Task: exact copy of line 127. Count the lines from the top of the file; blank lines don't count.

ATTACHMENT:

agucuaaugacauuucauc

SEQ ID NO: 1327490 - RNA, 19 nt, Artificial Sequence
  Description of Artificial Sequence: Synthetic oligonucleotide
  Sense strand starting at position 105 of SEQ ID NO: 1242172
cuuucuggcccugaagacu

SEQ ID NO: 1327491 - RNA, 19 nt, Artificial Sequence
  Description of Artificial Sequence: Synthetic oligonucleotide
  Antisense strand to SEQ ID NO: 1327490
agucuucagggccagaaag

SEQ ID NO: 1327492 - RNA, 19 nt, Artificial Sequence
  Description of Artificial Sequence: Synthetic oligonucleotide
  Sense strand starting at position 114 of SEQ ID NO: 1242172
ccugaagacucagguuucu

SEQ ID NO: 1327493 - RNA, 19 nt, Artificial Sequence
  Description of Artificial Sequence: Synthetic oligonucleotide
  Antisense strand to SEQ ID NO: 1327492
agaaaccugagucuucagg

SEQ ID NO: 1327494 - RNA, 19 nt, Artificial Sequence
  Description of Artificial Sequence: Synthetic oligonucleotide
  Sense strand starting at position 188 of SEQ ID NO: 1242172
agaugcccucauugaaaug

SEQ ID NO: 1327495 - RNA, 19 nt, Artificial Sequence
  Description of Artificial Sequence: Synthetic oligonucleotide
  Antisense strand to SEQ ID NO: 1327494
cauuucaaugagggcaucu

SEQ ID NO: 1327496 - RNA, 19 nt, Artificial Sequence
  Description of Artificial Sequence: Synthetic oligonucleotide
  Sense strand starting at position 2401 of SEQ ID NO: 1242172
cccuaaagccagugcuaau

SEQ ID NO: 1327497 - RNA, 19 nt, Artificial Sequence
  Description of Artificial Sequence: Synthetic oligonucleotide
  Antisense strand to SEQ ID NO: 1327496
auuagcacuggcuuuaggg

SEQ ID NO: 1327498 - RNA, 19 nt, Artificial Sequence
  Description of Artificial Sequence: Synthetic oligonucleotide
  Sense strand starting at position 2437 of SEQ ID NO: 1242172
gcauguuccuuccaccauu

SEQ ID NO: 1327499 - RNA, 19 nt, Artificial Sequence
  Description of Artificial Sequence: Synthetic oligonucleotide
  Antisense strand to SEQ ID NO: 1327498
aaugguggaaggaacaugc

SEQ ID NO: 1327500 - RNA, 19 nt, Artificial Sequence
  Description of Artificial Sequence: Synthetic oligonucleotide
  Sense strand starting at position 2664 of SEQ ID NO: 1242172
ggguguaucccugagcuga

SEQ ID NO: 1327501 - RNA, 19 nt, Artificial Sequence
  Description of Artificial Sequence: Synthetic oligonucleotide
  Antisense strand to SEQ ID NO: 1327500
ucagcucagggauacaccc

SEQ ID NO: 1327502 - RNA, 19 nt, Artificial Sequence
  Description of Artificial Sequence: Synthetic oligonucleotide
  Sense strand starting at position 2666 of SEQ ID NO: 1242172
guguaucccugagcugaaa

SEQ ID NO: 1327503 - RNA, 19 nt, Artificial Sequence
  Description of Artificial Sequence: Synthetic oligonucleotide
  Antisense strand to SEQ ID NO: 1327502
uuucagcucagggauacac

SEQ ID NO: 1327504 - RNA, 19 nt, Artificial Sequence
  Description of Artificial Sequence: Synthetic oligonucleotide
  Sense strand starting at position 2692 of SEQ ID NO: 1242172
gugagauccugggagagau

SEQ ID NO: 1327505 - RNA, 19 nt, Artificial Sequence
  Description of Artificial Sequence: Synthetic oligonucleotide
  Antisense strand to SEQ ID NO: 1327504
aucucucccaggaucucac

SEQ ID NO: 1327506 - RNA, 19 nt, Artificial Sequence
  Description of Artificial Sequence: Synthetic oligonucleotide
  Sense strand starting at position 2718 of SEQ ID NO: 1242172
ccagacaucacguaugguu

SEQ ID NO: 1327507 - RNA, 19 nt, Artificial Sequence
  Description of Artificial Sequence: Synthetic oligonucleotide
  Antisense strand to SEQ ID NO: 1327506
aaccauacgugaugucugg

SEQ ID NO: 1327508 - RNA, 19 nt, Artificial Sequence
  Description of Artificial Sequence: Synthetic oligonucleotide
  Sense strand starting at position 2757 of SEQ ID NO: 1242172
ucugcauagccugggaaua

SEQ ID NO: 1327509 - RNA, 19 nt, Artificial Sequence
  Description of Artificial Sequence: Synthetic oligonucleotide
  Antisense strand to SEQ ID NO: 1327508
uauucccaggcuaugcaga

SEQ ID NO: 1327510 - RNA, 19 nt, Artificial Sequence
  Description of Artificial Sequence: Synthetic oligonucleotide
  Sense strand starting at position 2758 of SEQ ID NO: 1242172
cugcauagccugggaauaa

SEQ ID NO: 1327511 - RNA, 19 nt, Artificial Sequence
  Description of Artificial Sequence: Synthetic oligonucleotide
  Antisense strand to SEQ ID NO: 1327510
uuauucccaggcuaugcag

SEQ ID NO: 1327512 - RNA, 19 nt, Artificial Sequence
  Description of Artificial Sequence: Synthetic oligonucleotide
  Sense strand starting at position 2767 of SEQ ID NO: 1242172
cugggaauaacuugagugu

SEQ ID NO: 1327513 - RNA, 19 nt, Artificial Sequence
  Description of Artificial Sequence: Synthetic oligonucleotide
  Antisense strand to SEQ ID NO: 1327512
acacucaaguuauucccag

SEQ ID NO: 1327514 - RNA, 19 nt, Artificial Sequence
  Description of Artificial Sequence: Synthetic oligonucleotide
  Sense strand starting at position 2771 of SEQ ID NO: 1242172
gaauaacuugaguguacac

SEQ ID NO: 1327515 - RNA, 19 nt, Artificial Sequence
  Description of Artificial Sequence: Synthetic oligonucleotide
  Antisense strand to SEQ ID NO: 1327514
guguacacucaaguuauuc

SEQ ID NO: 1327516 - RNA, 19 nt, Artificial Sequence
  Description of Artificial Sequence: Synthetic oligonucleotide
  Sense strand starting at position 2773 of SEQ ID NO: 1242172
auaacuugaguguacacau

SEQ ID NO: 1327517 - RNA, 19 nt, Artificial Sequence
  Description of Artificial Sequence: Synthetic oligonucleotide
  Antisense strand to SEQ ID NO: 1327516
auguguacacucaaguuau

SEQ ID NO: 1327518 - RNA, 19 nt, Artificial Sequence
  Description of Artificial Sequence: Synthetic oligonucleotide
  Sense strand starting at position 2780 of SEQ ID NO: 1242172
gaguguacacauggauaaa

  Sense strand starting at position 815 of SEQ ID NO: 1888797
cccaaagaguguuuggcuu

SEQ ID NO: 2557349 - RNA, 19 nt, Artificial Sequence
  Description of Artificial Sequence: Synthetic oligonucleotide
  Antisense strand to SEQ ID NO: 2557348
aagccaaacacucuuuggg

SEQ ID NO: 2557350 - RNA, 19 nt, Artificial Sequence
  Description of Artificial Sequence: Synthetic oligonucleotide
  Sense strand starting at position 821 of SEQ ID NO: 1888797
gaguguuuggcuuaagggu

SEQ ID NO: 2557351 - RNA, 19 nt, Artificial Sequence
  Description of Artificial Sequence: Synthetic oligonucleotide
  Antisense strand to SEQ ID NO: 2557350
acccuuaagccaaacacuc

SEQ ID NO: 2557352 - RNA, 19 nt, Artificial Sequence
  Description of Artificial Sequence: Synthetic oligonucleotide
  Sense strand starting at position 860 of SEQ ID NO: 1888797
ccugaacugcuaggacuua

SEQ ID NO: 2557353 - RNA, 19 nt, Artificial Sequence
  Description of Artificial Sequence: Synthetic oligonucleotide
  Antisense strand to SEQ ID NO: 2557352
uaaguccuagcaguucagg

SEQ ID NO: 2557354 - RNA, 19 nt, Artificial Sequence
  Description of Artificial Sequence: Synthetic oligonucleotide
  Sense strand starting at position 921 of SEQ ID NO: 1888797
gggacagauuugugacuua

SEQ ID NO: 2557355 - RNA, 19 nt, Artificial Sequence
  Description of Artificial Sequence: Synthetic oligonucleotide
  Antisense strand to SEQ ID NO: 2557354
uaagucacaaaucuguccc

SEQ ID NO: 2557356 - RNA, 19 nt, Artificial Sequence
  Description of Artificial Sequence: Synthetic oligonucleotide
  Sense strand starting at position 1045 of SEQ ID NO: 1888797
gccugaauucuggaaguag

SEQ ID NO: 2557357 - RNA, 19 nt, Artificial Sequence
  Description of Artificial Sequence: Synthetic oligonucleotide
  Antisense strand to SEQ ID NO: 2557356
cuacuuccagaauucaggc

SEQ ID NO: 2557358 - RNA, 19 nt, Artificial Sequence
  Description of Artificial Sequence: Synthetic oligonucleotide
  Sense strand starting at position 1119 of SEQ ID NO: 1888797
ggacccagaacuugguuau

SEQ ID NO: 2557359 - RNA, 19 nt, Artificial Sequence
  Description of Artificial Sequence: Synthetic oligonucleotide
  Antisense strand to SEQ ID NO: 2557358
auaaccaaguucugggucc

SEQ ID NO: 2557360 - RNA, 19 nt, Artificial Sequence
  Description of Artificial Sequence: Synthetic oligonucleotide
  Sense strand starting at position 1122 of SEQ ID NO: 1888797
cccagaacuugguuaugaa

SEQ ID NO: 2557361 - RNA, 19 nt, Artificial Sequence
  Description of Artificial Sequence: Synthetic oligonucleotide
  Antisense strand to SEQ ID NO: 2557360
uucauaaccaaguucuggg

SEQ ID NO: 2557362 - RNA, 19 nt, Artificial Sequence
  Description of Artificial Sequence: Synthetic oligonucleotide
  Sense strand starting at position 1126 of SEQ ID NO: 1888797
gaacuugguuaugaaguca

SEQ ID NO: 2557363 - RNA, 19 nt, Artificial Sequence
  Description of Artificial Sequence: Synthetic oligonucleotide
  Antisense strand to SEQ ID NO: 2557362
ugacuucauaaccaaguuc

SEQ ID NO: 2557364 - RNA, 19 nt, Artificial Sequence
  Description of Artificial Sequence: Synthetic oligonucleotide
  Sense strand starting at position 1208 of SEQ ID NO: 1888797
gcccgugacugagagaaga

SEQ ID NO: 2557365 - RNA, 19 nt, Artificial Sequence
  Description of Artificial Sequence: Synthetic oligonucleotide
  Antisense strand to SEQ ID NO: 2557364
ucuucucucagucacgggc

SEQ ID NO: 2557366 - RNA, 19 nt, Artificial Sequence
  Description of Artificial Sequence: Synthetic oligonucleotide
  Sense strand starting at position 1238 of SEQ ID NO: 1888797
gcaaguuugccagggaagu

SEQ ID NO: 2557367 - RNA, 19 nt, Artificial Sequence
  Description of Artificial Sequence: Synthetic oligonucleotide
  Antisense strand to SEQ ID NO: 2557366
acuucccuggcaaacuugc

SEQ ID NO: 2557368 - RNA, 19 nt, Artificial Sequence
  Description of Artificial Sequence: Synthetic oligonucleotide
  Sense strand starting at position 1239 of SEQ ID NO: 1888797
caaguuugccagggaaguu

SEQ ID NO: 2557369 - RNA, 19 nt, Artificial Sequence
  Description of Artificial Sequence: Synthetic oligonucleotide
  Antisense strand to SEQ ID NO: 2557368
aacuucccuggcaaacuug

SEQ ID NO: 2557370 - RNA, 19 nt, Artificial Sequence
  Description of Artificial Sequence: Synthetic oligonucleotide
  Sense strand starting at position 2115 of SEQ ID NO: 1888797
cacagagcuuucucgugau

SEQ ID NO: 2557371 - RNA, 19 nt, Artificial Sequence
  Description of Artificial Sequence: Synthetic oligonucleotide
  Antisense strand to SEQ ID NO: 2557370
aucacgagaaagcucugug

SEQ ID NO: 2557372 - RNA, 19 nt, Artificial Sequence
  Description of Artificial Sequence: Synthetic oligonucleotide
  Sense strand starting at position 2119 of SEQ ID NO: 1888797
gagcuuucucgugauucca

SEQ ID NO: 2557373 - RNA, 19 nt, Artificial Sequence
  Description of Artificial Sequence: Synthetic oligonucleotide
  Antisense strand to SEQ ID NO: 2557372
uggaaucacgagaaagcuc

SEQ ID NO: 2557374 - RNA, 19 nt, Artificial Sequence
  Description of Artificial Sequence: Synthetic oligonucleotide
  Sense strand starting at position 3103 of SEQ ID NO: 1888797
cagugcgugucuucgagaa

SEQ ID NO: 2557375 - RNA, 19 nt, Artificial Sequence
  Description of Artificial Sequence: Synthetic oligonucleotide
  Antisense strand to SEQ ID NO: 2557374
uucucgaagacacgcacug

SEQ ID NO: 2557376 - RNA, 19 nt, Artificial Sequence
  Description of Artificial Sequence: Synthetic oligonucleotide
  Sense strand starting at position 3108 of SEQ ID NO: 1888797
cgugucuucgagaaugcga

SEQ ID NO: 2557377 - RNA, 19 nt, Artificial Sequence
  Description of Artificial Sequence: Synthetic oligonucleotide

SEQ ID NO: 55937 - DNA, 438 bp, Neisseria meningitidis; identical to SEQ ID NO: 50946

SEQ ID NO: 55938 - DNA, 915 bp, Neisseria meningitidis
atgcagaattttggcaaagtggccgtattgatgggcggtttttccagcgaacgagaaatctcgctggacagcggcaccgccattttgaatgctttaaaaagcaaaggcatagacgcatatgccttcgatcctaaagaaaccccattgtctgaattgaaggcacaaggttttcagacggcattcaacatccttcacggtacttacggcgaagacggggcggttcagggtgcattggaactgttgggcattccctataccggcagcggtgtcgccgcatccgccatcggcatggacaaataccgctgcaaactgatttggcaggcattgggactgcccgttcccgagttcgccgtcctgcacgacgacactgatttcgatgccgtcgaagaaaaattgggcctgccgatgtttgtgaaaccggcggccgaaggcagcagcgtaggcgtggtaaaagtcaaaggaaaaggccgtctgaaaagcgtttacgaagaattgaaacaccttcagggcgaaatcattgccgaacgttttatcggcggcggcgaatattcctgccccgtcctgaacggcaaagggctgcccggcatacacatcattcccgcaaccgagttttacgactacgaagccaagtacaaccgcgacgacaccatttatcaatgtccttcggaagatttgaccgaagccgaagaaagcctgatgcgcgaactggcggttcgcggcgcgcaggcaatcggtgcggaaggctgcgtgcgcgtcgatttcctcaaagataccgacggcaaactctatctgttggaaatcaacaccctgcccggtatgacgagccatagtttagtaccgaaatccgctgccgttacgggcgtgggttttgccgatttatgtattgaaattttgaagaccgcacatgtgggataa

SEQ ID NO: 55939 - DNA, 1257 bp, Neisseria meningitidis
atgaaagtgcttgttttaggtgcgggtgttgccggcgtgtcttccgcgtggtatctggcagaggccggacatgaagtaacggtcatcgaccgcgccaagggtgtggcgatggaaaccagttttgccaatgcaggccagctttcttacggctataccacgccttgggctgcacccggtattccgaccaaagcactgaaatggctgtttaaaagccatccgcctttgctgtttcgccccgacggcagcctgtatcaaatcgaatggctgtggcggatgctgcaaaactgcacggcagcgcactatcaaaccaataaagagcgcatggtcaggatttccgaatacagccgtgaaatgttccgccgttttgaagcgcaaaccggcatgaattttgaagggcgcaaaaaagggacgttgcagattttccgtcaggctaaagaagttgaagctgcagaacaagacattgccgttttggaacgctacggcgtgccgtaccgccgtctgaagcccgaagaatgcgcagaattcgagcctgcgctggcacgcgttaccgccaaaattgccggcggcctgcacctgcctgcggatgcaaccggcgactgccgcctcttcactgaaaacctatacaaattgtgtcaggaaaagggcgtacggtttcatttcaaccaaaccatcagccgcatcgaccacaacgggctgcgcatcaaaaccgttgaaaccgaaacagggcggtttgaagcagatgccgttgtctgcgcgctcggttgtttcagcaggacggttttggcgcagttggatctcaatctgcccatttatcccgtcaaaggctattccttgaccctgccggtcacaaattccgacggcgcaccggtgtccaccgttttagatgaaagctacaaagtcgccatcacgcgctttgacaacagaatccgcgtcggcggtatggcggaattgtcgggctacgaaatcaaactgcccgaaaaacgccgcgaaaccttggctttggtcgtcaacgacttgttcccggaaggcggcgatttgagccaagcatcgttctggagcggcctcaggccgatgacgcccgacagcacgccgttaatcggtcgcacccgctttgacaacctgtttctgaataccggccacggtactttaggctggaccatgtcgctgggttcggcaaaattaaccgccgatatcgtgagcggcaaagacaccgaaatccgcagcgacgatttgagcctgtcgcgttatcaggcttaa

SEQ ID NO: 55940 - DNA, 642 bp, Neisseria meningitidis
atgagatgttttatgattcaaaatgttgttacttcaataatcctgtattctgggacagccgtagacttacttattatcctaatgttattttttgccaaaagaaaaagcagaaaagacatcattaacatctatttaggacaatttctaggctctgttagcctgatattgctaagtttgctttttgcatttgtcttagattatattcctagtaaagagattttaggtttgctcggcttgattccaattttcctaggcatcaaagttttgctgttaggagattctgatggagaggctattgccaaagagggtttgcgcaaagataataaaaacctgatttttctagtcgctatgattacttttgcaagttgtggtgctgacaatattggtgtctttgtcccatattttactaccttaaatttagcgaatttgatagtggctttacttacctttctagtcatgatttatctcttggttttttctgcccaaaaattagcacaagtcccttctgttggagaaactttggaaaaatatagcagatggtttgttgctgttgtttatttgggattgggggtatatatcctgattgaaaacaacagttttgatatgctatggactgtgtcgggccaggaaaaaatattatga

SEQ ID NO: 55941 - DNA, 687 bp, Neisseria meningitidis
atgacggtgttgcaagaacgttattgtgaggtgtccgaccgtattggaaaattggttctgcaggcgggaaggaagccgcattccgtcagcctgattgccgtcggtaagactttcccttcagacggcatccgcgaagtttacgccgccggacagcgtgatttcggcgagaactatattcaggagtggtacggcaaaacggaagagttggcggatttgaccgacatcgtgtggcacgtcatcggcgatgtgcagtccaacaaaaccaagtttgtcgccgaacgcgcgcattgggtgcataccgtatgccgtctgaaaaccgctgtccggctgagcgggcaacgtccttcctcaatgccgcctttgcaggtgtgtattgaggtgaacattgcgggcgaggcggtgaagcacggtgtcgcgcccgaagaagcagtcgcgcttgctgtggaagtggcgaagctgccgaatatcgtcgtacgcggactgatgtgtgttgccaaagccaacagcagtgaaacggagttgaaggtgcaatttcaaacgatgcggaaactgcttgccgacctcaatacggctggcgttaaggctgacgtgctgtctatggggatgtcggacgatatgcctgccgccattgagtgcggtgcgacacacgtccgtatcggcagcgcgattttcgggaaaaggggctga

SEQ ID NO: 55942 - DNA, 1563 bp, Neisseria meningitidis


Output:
gaguguuuggcuuaagggu